Tips for Retirement

Retirement is every worker’s goal. You might even periodically calculate the years you have left in the working world until you can retire and spend your days doing what you love. A successful retirement takes more than just putting in your time, though; it also requires adequate savings and a plan for living on your residual income once you leave your full-time job. Some people even face retiring without any type of long-term savings to draw on. Luckily, there are ways to prepare for retirement so it can be a seamless transition in your life from working for the man to living for yourself.

Retirement Planning

While getting insurance quotes or making other purchases, you might have noticed there are often discounts for retired individuals. Planning your retirement can help you to reach those savings faster and feel secure when you leave your job. There are five easy steps you can take to be prepared for life after work.

  1. Establish a timeline. It can be hard to financially plan for retirement if you have no idea when you’re going to retire. Pick an age at which you plan to retire and construct your savings goals based on that. This will help you determine both how much you’ll need to live for the rest of your life and how much to save each month to reach that ultimate goal.
  2. Think of your retirement expenditures. When you retire, odds are you won’t have quite so many monthly bills. You’ll hopefully have most if not all of your debts paid off, so try to calculate what you’ll be spending during retirement to set an overall budget.
  3. Calculate return on investments. Check how much you stand to make from any long-term investments based on their rate of return and figure it into your retirement income.
  4. Decide on your investment risk. Younger people tend to take a more aggressive approach in their investment portfolios, which stands to yield higher returns by the time they retire. If you’re older and looking to start a retirement portfolio, you might want to opt for more conservative options.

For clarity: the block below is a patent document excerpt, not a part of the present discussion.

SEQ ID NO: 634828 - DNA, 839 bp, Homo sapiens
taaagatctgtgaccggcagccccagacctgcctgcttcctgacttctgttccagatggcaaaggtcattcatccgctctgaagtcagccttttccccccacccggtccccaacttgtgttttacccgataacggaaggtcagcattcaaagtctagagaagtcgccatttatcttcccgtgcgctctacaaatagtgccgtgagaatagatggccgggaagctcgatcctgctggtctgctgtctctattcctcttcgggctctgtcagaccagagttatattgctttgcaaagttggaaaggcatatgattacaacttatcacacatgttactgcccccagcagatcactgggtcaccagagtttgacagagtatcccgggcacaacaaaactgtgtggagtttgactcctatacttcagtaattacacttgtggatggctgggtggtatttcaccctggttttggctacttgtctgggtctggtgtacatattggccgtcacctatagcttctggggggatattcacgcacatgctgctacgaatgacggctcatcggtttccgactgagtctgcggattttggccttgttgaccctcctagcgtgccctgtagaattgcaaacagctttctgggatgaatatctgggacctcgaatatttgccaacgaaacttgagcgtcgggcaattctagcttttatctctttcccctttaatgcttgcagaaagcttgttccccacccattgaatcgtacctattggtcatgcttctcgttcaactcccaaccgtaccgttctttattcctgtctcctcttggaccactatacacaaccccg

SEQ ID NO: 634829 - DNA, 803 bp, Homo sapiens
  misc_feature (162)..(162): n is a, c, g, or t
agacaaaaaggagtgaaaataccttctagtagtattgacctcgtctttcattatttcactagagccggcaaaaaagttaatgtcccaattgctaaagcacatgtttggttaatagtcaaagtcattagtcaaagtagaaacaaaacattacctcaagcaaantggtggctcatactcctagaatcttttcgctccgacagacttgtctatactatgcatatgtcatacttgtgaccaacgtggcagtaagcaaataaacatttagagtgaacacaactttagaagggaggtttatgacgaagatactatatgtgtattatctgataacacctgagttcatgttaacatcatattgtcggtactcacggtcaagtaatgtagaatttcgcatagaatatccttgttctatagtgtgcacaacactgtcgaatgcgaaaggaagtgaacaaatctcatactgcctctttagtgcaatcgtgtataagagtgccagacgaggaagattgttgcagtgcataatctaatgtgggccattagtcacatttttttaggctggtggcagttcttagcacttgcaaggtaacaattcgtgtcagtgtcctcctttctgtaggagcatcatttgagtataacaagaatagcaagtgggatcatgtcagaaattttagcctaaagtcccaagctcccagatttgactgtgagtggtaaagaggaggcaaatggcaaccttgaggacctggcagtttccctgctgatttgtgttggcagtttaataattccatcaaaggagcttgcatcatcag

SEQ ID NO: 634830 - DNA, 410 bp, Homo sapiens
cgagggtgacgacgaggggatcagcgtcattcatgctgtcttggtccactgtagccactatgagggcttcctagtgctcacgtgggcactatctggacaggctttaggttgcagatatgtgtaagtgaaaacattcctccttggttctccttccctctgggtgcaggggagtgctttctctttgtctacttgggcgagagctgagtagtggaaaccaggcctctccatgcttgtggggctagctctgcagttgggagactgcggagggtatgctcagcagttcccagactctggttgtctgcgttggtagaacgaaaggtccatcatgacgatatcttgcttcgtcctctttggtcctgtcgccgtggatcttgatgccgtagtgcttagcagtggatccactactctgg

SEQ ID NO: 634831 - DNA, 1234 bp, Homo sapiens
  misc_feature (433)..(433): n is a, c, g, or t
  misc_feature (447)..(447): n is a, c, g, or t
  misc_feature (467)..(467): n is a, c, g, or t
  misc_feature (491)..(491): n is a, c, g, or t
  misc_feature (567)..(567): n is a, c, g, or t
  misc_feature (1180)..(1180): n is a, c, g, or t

5. Other planning. Things like estate and tax planning can also figure into your retirement life, so try to keep up with those things as you age. You can even hire professionals, such as lawyers and CPAs, to handle those things for you.

Signs It’s Not Time

You might know when you want to retire or where your job sets the finish line, but sometimes even when you hit those predestined milestones, the timing just isn’t right. Perhaps more important than knowing when to retire is knowing when not to retire. Here are a few signs it’s not quite time to turn in your name badge.

The first clue it might not be a good time to leave your full-time job is if you’re struggling to pay your monthly bills. Remember that your retirement income will only be a percentage of your working income, so if you’re struggling while working full-time, you almost certainly won’t make ends meet in retirement.

Your debt-to-income ratio is also a good indicator of your financial health. If you’re still paying on considerably sized debts, then you’ll most likely be better off continuing to work full-time until those are paid off. Your retirement income should be designated to paying mandatory bills and funding your hobbies, not paying off outstanding loans.

Lastly, if you don’t have a long-term financial plan, it’s not time to retire yet. Before you leave full-time income, you should know how the rest of your financial life should look. Set a budget for how much you’ll need to live on each month, figure out where your income will be coming from, and then assess if your savings, portfolio, and retirement income can cover those costs.

Some other options include relying on social security income, working gigs or part-time in retirement, or relying on a pension for your income.

These can help, but planning for retirement can often get you much further and keep you more comfortable.